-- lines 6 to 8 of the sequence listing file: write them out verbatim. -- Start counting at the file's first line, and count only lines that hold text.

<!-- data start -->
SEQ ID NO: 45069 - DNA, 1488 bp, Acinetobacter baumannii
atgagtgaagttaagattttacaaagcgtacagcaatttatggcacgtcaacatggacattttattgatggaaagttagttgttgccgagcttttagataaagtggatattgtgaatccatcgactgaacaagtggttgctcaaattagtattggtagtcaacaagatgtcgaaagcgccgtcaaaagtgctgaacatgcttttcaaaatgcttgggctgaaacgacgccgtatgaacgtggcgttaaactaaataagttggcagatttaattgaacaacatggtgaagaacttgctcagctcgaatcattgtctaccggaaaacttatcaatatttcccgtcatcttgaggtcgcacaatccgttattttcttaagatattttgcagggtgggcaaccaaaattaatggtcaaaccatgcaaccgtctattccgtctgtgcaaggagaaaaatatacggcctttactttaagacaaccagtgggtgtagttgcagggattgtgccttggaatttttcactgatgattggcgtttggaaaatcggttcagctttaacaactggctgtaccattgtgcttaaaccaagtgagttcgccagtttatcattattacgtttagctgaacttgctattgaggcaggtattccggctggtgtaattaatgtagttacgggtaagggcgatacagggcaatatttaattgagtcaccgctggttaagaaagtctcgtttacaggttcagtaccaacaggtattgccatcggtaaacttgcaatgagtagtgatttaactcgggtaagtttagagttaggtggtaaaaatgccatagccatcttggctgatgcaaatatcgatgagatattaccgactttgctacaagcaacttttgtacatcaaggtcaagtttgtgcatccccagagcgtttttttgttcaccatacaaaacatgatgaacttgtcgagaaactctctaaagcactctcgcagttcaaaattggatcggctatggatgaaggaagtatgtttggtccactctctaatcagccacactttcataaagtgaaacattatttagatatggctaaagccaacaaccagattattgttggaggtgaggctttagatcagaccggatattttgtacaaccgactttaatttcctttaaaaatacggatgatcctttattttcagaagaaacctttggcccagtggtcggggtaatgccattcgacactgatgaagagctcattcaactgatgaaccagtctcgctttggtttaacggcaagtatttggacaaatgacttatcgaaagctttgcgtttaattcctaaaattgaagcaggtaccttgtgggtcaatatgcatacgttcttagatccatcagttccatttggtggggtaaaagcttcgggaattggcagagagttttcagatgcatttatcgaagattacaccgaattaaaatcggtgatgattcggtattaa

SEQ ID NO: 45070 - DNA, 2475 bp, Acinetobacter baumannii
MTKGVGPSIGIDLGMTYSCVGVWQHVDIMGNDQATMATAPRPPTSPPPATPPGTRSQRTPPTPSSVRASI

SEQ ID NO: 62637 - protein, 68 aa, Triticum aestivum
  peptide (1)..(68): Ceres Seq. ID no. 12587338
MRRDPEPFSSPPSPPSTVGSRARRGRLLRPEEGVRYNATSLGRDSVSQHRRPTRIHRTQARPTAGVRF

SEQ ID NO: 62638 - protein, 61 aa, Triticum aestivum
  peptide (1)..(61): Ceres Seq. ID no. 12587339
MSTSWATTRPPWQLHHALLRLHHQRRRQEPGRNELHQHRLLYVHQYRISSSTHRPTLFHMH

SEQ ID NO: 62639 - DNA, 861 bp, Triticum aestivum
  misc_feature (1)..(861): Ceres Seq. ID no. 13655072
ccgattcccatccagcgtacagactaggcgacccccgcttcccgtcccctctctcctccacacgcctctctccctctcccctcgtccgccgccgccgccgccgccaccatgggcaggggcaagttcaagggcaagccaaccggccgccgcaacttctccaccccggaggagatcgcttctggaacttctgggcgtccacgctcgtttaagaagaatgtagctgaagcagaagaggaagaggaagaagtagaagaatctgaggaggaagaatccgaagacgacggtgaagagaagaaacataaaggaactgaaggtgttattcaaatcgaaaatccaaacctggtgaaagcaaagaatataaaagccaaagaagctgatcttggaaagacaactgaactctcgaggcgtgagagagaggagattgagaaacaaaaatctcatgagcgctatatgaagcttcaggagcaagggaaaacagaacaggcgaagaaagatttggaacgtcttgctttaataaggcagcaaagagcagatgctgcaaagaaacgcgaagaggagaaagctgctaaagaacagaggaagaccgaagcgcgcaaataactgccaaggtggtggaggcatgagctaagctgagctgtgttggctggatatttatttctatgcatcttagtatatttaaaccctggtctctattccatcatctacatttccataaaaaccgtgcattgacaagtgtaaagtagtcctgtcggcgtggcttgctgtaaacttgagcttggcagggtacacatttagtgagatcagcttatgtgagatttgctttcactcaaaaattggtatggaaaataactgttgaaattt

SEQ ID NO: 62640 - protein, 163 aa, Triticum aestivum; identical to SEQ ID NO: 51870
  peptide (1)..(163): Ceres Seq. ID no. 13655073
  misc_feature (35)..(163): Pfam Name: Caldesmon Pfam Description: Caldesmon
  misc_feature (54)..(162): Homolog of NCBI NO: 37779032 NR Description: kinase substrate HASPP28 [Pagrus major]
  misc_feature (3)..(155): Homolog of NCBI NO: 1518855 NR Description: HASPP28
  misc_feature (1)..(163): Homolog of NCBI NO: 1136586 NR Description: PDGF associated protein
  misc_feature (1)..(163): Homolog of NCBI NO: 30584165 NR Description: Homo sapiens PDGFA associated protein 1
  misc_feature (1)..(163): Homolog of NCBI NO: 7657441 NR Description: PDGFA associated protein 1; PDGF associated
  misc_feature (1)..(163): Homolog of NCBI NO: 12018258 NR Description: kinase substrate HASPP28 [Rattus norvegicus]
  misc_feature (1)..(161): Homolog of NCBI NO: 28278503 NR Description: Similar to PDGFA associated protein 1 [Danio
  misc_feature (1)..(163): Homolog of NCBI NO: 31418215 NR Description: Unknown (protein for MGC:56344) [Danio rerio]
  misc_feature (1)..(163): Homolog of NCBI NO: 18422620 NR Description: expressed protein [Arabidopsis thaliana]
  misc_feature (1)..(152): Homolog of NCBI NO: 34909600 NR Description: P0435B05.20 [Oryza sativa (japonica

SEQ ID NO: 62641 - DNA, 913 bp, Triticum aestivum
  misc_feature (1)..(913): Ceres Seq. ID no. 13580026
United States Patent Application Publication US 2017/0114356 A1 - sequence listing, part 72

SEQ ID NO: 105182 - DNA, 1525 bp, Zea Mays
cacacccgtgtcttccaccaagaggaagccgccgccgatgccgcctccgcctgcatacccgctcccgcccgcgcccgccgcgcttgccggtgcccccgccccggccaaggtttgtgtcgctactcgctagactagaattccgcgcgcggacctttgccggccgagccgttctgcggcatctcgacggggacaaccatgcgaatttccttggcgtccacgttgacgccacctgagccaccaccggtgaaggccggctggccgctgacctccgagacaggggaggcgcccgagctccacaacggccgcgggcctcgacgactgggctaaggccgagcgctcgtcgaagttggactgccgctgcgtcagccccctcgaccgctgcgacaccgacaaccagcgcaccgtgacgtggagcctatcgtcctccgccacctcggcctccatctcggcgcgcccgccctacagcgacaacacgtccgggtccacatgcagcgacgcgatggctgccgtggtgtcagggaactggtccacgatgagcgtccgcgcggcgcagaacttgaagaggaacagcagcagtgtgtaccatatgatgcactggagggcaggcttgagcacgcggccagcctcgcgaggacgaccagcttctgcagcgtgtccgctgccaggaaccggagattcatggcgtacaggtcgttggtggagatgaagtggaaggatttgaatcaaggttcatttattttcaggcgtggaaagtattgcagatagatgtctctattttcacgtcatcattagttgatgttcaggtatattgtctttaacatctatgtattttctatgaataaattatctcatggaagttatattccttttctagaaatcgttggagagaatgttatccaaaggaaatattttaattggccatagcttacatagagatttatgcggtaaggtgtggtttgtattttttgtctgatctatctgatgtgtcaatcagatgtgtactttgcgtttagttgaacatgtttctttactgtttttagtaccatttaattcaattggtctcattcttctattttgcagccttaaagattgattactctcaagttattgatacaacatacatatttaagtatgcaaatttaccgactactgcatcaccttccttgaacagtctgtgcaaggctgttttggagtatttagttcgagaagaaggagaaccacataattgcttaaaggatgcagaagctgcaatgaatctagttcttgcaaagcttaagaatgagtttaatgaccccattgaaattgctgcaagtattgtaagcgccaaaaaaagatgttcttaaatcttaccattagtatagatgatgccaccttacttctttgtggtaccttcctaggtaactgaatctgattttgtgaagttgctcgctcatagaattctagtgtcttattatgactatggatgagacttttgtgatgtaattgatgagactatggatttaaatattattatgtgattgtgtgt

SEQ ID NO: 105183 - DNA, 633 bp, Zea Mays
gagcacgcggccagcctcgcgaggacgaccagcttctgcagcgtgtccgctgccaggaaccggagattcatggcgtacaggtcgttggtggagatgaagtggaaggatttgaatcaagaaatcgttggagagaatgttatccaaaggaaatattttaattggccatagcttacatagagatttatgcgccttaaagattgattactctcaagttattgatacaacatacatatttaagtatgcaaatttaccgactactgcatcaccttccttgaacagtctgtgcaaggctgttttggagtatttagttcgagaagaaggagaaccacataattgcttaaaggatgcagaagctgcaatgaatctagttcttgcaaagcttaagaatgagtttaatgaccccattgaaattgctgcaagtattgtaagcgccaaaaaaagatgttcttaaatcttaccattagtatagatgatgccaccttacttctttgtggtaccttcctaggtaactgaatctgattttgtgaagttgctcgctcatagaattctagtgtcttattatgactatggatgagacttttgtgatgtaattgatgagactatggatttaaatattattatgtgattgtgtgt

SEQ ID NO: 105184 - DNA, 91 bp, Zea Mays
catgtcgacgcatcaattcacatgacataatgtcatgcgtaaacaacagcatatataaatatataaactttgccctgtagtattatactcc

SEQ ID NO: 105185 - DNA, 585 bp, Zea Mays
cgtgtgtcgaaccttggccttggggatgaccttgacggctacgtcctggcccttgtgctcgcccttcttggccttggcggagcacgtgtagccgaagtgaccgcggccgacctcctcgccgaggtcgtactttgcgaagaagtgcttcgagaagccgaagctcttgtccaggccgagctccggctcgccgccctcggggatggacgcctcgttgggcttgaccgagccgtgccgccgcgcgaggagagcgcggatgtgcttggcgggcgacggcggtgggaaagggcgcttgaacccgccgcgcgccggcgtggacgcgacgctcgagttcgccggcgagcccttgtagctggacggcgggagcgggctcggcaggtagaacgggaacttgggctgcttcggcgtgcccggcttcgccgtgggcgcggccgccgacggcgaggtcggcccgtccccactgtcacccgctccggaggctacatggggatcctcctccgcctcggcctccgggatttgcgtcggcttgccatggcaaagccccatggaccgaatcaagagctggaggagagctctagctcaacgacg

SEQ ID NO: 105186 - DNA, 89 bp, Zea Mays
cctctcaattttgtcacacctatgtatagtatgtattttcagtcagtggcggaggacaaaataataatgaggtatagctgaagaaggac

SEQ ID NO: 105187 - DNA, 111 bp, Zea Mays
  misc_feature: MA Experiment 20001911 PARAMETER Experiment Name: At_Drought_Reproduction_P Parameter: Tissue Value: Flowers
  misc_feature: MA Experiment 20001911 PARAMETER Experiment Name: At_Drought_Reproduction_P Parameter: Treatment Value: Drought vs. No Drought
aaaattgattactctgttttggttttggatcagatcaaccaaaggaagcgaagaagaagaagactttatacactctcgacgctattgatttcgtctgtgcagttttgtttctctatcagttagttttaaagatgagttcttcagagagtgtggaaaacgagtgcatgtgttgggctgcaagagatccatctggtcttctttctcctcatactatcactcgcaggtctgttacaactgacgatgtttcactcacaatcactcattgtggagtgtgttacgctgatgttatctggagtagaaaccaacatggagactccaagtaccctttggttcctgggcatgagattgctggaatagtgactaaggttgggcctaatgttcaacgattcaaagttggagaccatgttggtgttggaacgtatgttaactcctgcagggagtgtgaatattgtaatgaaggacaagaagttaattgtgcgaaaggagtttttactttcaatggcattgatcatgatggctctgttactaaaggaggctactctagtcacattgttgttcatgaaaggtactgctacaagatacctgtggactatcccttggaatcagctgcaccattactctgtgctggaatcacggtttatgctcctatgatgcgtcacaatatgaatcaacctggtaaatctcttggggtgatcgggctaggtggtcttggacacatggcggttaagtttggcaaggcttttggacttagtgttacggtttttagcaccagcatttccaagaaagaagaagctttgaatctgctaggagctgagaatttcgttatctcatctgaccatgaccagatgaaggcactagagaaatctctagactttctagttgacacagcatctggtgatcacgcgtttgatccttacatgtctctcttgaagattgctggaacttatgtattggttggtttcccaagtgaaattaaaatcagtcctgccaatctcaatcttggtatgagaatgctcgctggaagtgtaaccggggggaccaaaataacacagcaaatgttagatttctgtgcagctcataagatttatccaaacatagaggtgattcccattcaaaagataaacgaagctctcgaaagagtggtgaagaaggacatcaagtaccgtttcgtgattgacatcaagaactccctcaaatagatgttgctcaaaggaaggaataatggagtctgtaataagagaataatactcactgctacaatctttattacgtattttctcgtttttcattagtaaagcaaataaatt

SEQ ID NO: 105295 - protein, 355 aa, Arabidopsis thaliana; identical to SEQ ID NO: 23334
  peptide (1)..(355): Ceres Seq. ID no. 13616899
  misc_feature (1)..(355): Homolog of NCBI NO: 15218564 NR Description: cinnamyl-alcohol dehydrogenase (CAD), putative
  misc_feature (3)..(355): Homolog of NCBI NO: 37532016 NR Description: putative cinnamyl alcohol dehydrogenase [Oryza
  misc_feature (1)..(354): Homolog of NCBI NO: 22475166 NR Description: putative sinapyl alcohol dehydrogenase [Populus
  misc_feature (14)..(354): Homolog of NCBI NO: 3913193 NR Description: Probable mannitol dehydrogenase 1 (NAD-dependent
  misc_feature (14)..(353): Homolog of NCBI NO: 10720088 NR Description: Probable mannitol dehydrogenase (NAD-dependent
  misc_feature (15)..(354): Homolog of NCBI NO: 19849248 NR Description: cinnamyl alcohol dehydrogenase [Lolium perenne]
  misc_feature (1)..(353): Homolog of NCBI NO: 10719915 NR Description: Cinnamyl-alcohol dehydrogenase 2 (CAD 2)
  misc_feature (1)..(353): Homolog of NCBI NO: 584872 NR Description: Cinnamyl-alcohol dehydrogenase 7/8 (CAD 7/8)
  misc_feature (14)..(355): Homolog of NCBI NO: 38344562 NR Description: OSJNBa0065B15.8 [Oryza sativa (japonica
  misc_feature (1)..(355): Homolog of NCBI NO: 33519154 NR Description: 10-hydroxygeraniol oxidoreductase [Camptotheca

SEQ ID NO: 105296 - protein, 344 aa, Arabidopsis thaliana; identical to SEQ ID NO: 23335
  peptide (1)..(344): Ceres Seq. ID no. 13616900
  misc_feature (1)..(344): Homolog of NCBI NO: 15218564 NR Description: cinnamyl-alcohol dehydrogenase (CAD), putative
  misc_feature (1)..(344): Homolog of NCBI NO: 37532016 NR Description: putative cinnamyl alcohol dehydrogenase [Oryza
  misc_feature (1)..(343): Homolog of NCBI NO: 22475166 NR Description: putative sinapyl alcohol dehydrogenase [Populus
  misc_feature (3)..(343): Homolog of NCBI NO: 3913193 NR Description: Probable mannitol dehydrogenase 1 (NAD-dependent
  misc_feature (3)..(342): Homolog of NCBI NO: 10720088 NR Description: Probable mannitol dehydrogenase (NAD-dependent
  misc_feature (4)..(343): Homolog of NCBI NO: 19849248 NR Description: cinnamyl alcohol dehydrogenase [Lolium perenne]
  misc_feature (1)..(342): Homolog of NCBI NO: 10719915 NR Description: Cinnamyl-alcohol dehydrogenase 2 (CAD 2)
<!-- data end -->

  peptide (1)..(68): Ceres Seq. ID no. 12587338
MRRDPEPFSSPPSPPSTVGSRARRGRLLRPEEGVRYNATSLGRDSVSQHRRPTRIHRTQARPTAGVRF

SEQ ID NO: 62638 - protein, 61 aa, Triticum aestivum